04/03/2008 11:00PM

Three reasons to press on

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PHOENIX - You probably need a break after a huge racing Saturday. Go ahead. Put your feet up, take a deep breath.

Okay, the break is over. That's because there are still opportunities at Santa Anita on Sunday. There may not be the marquee names that ran on Saturday, but they don't ask you for that when you take a ticket back to the window. Here are three Santa Anita entrants that might help your Sunday be a good one.

Hennessy Rose (race 2): She comes with one of my favorite angles. When a sharp barn gives a sharp horse a multiple-level class hike, I always take that as a big thumbs up. Well, that's what happens here. The 5-year-old mare was freshened three months, dropped from allowance ranks to the $12,500 claiming level at Santa Anita on Marcho10, and she responded with a big win. Now trainer Ruben Cardenas nearly doubles her in value. That's an encouraging sign. It means she has to face tougher, but it also means her connections feel good about her, and they are saying that if someone wants to claim her, they're going to have to pay.

And she's no stranger to tough opposition. She beat starter allowance foes on this track last fall. It also bodes well that she has a bullet 46-second work at Santa Anita March 25 in preparation for this. Coincidentally, she had a bullet work prior to that March 10 win. Up the ladder.

Courtly Couture (race 6): A lot changed for this filly at Santa Anita on Feb. 27. She was coming back after four months on the bench, was trying turf for the first time, plus a route for the first time, and with blinkers added for the first time. She chased the pace and then battled on the lead from the far turn to the wire to finish second, losing by a neck. It was a breakout performance, and this Beau Greely filly appears to have found her niche.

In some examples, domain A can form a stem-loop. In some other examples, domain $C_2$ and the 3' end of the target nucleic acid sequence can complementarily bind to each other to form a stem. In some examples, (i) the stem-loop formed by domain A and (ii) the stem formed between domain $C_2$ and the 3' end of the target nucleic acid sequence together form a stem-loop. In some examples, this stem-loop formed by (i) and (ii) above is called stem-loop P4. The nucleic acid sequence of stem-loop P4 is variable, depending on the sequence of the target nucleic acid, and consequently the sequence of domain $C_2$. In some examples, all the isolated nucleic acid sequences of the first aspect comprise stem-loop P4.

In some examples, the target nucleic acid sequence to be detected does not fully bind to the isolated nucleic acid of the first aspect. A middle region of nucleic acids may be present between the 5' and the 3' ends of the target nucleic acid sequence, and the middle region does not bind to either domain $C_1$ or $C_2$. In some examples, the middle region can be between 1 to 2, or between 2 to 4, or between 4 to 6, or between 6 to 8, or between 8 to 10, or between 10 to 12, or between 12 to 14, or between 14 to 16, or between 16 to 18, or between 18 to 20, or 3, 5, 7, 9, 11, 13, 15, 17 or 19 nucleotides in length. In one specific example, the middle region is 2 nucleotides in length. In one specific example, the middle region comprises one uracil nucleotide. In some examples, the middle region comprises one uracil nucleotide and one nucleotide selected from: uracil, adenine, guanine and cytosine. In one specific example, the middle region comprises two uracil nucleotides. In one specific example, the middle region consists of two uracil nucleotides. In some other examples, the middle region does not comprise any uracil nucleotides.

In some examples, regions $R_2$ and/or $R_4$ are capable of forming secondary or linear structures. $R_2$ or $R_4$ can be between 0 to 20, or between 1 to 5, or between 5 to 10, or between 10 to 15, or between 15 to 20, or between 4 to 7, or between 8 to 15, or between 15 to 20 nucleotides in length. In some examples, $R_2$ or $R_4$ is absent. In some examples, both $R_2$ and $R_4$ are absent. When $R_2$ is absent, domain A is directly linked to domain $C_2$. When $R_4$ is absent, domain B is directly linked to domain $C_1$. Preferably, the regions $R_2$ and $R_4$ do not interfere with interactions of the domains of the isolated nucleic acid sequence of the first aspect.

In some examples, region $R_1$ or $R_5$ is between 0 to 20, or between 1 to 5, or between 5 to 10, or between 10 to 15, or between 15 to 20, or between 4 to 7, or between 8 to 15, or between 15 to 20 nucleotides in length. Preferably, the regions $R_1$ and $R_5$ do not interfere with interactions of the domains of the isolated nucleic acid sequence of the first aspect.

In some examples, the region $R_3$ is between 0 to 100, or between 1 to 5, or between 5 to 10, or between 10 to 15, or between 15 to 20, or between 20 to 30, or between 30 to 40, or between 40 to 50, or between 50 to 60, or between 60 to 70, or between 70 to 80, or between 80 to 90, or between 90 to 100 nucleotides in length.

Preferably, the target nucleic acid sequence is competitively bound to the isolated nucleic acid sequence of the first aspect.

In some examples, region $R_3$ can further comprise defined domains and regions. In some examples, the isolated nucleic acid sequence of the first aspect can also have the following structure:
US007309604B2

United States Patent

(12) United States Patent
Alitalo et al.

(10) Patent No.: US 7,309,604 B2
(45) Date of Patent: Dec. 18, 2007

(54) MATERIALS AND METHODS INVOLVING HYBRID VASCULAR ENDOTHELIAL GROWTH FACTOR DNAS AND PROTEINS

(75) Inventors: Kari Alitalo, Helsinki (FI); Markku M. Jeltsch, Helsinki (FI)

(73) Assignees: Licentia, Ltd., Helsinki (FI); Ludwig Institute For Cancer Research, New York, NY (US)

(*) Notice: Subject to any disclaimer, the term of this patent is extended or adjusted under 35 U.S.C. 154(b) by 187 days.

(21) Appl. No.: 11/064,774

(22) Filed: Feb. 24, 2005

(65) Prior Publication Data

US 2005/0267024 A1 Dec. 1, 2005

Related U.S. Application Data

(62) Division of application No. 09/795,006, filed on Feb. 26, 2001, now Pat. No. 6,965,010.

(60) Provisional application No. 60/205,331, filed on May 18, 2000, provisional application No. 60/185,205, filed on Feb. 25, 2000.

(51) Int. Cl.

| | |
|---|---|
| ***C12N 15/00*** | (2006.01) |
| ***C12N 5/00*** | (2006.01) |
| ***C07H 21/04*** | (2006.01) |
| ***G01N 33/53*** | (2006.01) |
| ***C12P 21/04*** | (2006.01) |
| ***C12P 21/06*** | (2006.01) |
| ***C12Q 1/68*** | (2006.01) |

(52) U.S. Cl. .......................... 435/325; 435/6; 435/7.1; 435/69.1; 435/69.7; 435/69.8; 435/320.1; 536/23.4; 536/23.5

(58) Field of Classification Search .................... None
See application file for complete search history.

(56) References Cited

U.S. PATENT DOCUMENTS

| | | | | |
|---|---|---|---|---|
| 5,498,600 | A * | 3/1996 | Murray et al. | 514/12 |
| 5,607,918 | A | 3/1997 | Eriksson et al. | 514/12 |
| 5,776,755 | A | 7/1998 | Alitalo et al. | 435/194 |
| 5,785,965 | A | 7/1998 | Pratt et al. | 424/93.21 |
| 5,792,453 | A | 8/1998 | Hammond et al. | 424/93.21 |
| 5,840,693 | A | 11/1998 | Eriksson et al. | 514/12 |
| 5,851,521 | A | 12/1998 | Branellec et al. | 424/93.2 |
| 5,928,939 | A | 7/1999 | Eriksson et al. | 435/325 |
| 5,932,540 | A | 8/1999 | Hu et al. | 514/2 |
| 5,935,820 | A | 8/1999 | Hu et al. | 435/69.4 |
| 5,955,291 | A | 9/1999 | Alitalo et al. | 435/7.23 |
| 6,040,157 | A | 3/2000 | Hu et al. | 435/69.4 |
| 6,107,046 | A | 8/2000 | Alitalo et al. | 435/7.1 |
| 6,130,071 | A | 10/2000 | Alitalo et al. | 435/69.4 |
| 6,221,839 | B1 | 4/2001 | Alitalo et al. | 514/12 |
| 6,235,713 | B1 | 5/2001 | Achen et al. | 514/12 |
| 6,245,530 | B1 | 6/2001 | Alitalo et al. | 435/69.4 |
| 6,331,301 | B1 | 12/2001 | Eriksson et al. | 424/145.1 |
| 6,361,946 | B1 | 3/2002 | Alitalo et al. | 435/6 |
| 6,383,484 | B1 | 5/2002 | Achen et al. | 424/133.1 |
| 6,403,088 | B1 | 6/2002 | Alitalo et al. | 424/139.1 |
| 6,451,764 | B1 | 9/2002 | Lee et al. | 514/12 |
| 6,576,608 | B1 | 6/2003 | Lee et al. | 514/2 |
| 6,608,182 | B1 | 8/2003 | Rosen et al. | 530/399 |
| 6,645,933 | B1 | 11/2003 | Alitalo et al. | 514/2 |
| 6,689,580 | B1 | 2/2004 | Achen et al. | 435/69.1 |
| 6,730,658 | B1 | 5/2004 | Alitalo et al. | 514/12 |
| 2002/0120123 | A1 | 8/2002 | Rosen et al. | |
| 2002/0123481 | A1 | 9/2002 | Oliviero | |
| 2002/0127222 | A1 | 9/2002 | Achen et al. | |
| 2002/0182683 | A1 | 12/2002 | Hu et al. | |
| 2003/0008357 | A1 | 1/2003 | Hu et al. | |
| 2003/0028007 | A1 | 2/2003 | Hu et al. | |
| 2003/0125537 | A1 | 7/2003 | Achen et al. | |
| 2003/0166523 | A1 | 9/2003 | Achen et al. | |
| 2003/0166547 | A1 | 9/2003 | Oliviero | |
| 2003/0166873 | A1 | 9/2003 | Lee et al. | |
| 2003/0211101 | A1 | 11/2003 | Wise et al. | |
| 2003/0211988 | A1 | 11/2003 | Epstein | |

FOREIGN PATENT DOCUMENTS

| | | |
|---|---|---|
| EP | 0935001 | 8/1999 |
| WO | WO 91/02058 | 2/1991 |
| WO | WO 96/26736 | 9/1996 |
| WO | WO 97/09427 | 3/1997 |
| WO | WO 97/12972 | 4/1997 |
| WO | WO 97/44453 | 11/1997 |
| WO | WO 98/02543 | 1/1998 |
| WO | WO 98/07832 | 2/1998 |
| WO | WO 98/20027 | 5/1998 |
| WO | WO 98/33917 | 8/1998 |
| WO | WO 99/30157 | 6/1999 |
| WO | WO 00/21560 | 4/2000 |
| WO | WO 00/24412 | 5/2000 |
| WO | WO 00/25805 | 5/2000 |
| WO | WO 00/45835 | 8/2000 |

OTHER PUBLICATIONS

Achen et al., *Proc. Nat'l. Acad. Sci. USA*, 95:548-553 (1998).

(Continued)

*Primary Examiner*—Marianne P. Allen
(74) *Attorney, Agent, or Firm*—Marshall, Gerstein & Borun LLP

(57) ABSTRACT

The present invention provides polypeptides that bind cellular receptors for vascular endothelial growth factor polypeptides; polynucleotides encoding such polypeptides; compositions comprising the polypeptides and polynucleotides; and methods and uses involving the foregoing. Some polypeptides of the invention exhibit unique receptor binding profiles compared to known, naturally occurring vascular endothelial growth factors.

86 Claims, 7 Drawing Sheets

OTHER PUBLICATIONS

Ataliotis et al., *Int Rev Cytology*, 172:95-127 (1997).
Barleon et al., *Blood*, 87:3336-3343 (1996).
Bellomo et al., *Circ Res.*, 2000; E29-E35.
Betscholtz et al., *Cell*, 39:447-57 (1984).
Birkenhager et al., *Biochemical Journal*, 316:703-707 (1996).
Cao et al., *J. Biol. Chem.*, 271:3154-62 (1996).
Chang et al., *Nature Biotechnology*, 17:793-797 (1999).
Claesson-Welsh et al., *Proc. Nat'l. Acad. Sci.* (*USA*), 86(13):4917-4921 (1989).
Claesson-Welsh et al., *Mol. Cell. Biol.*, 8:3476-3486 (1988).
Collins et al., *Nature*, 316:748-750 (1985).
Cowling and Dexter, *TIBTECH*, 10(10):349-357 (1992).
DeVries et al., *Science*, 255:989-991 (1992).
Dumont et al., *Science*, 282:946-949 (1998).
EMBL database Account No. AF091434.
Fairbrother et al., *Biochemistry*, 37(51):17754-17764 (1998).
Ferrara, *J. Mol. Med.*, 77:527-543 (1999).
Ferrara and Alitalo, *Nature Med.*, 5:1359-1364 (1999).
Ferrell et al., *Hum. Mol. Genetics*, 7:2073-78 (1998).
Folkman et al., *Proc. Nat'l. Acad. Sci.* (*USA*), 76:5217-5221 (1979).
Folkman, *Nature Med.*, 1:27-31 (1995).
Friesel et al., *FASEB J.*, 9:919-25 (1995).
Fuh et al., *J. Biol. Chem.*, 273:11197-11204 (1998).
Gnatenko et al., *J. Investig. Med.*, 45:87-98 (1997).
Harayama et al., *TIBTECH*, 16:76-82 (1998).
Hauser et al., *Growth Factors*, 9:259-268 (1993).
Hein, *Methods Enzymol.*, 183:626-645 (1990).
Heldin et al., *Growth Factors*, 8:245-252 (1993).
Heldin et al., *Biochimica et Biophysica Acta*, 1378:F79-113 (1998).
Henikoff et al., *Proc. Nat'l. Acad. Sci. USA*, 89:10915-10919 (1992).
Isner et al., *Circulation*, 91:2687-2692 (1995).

She worked slowly at Hollywood March 29 (five furlongs in 1:05.60, the slowest of 53 works at the distance that day), but she had shown speed in her prior work, going a fast five furlongs in 59.80 at Hollywood March 23.

Lightmyfirebaby (race 8): She beat a number of these in the Irish O'Brien on March 17. That was sprinting on turf; she's routing on the grass Sunday. But she actually might be better stretching out. She's a proven commodity at this trip, and her solid five-furlong work since last out shows she retains her edge.

Trainer Barry Abrams has had a strong meet (21 percent winners), and rider Chantal Sutherland has been a major component of his success. She's getting ready to return to her primary base at Woodbine, but she and Abrams are a red-hot 7 for their last 19 together (37 percent).

Big Brown and Curlin

Big Brown is good, really good. In fact, he may be the most talented in his crop. But the similarities between him and Curlin are eerie. Both went into the Kentucky Derby undefeated and unchallenged in three starts. Both, oddly enough, won those three races by nearly identical margins (Big Brown by a combined 29 lengths, Curlin by a combined 28 1/2). It's not hard to believe that by year's end, Big Brown will make like Curlin and be the alpha of his class.

But, like Curlin, will Big Brown also find the Derby assignment a bit too much too soon?

A synthetic red herring

I don't understand all the angst over the Southern California Derby hopefuls who have raced almost exclusively on synthetic surfaces. With many a Derby runner there's no way to tell how he or she will perform when they get to Churchill's dirt.

Well, that's always been the case, synthetic or no, hasn't it? After all, we never knew how horses coming from the old dirt in Southern California or dirt of Arkansas or dirt of Louisiana or dirt of Gulfstream or dirt of New York or old dirt of Keeneland was going to handle the Churchill surface. What makes the synthetic concern any more significant?

Go back a year and you will see that good work on synthetic surfaces did not keep Street Sense and Hard Spun from success on the Triple Crown trail. The bottom line is, a good horse can run on anything.

If the California horses do not perform in the Derby, it won't be because of the dirt and synthetic issue; it will be because they're just not good enough.

* It's a small room with just a few occupants such as Spectacular Bid. But if things continue as they are, Curlin will have a place there. Of course, remember how quickly things can change - weren't we humming the same tune last year with Invasor? You saw how rapidly he went from superstar to retired.

* We knew how good Midnight Lute was last year and expected him to be a primary late-running sprint force this year. He has yet to race in 2008, but the way things are progressing, Benny the Bull might inherit that role. He was good in 2007 and he is better now.